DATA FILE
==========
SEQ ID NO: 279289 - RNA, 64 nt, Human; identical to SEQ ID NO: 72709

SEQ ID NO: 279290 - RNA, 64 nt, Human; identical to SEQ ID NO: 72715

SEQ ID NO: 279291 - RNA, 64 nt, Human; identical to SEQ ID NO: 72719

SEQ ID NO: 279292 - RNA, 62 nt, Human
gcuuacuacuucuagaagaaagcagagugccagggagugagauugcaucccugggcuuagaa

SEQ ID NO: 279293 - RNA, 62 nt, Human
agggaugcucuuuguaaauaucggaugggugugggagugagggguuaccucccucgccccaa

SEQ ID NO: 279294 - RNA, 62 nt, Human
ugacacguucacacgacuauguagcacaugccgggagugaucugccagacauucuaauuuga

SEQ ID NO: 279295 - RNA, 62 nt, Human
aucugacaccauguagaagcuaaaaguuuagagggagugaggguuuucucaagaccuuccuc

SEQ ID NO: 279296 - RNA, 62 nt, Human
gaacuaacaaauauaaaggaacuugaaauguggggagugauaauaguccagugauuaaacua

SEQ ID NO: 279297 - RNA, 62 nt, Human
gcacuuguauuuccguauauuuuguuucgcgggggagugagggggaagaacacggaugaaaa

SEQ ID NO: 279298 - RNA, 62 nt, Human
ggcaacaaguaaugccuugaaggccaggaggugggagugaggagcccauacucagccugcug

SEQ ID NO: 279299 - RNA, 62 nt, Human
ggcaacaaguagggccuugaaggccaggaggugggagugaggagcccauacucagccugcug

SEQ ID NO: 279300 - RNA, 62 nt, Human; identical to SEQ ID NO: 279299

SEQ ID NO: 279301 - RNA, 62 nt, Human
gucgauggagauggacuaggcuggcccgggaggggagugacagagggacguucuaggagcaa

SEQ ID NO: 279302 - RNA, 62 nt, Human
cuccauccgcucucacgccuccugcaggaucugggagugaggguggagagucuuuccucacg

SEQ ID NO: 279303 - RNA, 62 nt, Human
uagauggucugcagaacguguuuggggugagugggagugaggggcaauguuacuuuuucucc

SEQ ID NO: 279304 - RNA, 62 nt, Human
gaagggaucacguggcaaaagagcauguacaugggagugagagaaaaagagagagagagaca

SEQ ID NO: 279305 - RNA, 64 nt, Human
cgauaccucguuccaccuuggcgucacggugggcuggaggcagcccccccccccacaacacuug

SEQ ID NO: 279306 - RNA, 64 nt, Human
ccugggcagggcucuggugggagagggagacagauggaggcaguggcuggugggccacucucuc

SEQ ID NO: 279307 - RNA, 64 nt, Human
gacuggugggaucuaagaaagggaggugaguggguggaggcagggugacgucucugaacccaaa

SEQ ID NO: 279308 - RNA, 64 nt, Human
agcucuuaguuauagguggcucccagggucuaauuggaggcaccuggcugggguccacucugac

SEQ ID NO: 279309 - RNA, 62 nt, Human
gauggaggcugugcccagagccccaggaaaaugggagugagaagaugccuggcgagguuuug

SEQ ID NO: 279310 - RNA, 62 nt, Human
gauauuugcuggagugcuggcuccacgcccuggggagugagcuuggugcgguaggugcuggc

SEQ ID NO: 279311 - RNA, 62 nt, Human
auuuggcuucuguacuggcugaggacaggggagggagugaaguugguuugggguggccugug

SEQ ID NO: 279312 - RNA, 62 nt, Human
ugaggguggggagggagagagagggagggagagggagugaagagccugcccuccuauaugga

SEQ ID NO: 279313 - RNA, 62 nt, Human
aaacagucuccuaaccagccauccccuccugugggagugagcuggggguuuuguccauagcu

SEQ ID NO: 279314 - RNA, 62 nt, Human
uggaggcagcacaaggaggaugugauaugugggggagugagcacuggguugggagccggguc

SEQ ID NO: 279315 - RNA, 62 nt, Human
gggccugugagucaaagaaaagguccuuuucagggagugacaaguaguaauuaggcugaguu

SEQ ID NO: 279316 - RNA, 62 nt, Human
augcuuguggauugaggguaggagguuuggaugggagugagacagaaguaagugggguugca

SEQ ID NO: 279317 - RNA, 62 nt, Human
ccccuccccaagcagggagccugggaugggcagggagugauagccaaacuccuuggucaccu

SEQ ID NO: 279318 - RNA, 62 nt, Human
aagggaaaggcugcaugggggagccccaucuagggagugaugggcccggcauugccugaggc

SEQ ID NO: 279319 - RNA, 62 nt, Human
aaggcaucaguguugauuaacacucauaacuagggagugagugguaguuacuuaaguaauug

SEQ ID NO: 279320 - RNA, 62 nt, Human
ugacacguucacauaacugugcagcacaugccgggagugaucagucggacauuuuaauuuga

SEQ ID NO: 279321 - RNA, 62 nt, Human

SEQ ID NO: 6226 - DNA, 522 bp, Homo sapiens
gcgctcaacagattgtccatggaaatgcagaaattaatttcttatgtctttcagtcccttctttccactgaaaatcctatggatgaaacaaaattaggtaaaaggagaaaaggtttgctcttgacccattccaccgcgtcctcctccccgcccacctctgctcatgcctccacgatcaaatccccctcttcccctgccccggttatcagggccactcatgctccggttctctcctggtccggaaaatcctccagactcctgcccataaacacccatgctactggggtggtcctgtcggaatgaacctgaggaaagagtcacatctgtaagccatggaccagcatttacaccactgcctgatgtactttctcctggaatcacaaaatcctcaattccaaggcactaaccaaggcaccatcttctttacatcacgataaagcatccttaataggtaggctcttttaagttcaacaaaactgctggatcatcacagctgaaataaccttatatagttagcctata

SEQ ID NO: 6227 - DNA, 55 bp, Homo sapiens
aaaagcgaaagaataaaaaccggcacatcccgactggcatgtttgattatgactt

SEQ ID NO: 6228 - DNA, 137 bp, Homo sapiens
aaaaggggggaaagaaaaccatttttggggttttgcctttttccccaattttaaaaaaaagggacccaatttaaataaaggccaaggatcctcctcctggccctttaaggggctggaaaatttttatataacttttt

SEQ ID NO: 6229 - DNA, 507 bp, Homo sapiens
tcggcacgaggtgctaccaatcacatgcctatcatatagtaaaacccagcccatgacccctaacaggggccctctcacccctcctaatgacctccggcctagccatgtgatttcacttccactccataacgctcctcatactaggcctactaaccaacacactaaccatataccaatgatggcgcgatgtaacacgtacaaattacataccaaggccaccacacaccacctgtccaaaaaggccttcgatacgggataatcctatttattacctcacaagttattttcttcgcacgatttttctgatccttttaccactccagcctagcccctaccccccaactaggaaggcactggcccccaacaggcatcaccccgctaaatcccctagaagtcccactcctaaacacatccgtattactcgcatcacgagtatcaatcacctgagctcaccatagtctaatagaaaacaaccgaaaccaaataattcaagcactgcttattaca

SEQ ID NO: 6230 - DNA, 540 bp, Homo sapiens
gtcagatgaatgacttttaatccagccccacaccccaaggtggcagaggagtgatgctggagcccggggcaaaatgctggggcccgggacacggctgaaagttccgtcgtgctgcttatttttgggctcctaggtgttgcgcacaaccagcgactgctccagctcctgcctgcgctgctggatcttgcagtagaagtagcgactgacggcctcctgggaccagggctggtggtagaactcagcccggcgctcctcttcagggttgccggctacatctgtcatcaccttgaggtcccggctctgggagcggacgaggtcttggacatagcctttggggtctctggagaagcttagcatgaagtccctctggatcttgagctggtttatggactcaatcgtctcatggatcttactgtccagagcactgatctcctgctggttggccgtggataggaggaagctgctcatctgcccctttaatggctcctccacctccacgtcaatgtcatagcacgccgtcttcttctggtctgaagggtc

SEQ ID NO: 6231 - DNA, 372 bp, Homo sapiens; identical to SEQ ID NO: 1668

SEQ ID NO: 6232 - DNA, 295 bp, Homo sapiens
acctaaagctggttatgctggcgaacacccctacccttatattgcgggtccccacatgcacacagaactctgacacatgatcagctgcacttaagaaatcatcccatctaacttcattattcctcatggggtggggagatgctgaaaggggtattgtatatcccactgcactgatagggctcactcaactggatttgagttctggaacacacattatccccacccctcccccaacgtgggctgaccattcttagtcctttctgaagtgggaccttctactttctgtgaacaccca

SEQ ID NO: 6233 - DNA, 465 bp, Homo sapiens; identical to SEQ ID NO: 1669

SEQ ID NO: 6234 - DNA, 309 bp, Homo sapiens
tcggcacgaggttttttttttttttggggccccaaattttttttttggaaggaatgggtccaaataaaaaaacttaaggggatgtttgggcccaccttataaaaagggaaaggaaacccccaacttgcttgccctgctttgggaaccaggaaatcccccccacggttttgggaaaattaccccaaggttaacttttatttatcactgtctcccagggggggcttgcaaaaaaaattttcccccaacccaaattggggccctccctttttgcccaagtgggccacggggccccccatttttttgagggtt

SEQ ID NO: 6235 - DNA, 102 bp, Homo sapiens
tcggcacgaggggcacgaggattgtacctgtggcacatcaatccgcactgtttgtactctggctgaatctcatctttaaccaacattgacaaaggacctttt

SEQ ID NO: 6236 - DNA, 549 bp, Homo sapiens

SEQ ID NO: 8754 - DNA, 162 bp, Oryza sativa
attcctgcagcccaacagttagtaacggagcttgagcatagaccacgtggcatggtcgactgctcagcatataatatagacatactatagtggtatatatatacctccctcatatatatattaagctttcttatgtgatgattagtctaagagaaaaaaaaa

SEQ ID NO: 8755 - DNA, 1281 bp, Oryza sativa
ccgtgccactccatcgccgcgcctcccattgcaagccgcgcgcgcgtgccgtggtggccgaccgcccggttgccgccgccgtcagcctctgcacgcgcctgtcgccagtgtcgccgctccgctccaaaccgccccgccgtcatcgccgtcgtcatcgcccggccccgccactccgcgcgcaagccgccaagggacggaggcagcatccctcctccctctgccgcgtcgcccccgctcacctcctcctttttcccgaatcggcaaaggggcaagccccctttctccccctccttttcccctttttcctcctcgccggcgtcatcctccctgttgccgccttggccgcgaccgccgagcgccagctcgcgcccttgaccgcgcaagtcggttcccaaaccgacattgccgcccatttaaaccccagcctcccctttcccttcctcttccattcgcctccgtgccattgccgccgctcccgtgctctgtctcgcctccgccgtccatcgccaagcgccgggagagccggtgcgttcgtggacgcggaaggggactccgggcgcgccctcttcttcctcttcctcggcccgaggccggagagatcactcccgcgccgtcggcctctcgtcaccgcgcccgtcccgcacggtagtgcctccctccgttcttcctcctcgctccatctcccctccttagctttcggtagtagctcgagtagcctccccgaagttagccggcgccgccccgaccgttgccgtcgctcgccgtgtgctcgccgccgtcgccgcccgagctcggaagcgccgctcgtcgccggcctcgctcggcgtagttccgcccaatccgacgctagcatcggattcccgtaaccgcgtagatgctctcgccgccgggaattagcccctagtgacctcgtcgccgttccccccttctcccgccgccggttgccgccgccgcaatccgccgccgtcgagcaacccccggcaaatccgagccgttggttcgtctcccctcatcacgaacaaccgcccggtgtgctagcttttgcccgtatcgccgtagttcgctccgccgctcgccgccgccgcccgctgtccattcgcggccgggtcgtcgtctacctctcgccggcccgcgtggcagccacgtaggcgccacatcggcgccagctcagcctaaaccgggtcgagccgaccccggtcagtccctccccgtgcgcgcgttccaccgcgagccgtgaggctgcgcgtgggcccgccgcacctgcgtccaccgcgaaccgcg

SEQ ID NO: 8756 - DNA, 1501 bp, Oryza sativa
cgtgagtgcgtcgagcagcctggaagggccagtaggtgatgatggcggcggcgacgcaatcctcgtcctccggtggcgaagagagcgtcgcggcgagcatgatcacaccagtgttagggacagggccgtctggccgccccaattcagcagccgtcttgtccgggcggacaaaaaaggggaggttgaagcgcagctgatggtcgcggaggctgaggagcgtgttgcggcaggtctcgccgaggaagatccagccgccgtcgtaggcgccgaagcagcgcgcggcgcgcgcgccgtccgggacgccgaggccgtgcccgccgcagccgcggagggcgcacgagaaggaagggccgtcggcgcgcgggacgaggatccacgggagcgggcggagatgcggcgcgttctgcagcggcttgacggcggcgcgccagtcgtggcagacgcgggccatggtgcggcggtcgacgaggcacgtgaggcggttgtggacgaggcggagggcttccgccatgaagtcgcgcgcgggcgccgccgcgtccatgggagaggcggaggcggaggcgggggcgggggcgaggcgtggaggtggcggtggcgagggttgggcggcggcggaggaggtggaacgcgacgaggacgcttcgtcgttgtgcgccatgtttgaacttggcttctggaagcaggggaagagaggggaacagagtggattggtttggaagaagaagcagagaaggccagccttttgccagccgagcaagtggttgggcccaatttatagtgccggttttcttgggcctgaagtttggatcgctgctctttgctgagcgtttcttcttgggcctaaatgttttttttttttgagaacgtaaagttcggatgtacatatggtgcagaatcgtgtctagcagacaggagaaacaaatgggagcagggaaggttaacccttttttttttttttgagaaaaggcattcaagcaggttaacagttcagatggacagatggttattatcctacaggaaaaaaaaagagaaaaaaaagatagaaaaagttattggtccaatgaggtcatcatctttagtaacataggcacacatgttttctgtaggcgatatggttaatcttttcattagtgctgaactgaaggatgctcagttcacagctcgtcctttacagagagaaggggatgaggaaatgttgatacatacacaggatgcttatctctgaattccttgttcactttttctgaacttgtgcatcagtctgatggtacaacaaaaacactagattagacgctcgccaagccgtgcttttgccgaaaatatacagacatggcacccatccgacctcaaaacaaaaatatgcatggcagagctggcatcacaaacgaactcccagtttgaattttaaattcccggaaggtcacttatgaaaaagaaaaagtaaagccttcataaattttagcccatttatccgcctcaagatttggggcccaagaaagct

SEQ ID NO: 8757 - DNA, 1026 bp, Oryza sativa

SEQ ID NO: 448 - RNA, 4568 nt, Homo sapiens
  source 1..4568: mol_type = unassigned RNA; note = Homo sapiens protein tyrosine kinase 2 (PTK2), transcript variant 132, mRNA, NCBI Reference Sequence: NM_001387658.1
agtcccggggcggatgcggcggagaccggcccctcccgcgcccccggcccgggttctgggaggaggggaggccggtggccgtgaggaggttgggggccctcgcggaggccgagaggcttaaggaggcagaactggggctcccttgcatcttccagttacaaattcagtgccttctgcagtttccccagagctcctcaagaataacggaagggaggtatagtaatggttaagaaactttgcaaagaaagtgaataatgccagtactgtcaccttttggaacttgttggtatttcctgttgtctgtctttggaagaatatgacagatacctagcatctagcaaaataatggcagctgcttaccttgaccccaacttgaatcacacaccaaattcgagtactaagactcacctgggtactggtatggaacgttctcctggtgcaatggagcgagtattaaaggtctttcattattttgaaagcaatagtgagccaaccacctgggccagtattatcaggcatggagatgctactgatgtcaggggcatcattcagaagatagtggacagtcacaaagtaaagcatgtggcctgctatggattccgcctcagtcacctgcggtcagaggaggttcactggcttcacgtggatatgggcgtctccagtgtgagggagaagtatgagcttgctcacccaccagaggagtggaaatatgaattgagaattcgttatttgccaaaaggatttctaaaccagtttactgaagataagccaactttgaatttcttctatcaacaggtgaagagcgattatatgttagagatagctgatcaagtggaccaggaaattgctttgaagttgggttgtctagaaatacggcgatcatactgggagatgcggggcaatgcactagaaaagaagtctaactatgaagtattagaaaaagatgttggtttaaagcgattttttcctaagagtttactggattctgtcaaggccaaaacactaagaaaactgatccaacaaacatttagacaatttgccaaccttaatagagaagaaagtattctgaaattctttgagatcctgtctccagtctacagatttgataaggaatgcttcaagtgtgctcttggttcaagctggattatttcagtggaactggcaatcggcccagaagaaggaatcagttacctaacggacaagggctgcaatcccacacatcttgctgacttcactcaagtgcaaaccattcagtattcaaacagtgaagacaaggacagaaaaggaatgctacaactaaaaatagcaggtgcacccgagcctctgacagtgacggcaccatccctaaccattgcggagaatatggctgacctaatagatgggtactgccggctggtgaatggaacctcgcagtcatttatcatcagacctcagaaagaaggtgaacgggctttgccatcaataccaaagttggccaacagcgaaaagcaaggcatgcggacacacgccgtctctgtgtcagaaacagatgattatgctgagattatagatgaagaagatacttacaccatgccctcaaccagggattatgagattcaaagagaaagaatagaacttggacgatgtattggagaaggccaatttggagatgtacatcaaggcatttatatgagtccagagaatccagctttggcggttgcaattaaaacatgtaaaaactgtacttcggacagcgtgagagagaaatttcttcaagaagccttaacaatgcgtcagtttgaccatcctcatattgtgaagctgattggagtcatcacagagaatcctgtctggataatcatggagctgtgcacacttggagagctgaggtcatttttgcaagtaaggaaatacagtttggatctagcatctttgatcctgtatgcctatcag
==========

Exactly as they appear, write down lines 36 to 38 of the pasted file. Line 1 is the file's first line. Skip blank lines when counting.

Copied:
agcucuuaguuauagguggcucccagggucuaauuggaggcaccuggcugggguccacucugac

SEQ ID NO: 279309 - RNA, 62 nt, Human
gauggaggcugugcccagagccccaggaaaaugggagugagaagaugccuggcgagguuuug